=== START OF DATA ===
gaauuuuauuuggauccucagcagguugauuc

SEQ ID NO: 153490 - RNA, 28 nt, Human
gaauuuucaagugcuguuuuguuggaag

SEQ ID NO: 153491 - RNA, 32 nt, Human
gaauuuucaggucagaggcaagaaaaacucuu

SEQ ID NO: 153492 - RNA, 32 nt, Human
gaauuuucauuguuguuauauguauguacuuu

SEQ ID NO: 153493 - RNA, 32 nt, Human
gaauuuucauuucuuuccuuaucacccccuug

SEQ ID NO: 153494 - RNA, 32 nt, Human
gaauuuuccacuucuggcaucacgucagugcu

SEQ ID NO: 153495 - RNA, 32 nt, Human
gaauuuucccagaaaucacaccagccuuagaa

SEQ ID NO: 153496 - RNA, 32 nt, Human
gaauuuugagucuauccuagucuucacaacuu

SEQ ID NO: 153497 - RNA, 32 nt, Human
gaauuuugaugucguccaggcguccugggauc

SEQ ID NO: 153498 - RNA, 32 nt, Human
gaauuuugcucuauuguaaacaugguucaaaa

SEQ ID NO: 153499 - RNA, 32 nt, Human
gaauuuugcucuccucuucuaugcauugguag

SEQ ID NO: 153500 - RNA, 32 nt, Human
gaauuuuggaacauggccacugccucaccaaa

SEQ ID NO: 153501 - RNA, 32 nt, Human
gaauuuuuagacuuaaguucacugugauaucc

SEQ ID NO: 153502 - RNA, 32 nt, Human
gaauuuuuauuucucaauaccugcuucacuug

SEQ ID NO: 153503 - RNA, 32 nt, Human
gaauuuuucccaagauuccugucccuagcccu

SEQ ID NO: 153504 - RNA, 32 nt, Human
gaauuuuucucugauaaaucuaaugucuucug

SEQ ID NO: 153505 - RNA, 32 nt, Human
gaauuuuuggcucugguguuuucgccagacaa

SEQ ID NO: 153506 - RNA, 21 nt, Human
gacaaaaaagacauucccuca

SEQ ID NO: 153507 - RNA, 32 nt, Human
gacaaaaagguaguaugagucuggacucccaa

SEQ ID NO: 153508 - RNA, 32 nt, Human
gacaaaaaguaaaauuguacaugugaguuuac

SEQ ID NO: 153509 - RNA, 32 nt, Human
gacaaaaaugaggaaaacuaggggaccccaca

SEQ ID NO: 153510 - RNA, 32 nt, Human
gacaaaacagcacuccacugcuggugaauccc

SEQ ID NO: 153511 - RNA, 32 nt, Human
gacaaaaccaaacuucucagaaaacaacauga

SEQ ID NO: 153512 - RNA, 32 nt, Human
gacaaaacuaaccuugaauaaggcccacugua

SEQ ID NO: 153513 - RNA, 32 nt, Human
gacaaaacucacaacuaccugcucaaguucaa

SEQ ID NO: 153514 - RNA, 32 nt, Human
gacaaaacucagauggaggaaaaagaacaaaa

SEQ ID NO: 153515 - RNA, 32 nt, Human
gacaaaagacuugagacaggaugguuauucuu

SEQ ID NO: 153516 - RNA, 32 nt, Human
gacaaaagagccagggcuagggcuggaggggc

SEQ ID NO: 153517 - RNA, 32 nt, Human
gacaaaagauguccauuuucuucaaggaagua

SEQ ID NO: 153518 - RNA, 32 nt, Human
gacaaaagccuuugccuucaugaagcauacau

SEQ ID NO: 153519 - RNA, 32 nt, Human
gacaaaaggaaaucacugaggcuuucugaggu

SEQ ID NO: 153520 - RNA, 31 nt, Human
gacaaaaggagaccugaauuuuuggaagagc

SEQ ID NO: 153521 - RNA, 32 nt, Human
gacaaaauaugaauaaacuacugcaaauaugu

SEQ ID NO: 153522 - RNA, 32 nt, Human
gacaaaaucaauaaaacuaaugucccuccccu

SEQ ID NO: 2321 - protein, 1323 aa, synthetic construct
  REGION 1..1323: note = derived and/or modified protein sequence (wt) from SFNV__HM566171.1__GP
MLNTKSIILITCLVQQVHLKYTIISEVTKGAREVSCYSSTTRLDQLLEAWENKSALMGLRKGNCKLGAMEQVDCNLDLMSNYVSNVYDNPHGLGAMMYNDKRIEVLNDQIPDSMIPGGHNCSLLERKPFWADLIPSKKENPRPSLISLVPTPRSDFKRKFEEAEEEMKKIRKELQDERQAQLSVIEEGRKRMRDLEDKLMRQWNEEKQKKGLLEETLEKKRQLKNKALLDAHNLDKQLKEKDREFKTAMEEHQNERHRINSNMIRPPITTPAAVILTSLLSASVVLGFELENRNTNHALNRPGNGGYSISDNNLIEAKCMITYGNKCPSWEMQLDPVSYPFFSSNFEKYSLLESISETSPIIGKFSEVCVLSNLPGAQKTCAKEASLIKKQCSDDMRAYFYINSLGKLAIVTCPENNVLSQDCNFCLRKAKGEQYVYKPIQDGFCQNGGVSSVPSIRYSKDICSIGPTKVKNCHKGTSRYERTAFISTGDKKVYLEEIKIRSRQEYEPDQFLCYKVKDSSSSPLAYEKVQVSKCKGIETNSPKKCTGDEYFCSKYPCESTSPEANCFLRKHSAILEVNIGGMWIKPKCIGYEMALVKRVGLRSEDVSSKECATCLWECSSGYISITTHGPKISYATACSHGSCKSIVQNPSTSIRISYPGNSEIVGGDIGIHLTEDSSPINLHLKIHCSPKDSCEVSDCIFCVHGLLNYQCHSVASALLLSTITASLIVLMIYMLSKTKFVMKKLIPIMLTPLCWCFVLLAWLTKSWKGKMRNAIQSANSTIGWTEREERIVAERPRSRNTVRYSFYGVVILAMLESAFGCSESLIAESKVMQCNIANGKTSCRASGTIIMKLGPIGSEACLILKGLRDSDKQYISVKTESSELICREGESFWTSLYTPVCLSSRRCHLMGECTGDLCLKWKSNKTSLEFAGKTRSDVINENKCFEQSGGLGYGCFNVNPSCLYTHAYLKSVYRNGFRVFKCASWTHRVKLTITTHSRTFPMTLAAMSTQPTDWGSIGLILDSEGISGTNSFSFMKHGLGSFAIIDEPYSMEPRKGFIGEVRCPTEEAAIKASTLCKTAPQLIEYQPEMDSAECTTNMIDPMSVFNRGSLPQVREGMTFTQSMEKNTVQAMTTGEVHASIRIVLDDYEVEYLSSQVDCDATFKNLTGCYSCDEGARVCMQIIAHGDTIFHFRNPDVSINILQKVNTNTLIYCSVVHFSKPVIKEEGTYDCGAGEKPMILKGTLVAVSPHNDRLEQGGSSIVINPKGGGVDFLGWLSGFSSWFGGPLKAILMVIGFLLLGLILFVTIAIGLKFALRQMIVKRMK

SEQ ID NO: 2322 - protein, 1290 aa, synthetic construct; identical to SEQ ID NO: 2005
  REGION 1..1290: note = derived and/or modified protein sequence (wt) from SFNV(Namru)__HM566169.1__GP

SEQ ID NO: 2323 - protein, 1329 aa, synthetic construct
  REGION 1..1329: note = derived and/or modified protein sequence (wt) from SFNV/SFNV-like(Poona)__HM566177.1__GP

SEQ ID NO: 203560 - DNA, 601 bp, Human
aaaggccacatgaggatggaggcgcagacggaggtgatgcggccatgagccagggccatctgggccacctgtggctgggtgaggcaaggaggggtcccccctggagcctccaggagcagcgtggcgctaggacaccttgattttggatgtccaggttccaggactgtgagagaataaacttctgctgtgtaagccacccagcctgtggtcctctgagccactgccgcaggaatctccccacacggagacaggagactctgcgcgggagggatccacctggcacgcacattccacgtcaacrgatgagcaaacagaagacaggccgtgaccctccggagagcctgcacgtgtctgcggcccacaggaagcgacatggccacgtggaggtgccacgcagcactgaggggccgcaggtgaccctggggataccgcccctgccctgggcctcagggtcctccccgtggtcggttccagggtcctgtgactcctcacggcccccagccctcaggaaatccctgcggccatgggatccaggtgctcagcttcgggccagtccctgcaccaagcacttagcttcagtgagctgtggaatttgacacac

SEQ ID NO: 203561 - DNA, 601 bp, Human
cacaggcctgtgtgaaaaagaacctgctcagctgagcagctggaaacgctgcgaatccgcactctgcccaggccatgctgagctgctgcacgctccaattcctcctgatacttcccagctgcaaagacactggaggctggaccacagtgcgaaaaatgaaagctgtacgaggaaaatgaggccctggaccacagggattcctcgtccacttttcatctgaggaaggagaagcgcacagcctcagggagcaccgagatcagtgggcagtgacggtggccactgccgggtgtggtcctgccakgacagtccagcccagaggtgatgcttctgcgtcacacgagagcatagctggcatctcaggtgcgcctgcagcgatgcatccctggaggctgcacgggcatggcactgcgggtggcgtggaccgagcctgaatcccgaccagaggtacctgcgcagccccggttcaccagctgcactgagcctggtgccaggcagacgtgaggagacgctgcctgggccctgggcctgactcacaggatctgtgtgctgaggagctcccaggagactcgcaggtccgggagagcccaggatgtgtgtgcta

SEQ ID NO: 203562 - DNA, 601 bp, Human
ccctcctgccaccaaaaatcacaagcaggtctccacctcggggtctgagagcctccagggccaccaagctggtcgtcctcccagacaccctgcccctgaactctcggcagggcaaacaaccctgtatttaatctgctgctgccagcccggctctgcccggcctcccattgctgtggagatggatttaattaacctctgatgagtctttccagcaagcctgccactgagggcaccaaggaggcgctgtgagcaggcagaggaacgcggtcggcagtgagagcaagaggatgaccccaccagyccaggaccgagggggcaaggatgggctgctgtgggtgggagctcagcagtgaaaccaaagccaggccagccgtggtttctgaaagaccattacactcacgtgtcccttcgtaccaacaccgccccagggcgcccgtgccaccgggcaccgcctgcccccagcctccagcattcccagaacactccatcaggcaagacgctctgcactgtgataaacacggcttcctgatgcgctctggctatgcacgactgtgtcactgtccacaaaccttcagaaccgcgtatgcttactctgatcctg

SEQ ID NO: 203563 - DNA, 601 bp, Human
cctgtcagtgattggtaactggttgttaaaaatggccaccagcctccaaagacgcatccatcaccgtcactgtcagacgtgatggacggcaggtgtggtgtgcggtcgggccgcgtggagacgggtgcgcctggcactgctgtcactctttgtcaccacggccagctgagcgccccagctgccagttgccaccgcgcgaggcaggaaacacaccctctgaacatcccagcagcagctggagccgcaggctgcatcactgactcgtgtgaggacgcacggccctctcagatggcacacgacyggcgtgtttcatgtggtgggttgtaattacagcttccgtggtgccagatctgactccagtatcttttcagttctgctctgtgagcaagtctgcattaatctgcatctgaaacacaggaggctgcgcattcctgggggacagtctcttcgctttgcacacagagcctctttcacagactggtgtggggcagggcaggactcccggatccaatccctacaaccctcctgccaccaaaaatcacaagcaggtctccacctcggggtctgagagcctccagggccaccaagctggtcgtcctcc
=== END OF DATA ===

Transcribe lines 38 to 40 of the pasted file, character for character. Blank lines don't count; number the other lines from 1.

SEQ ID NO: 153508 - RNA, 32 nt, Human
gacaaaaaguaaaauuguacaugugaguuuac

SEQ ID NO: 153509 - RNA, 32 nt, Human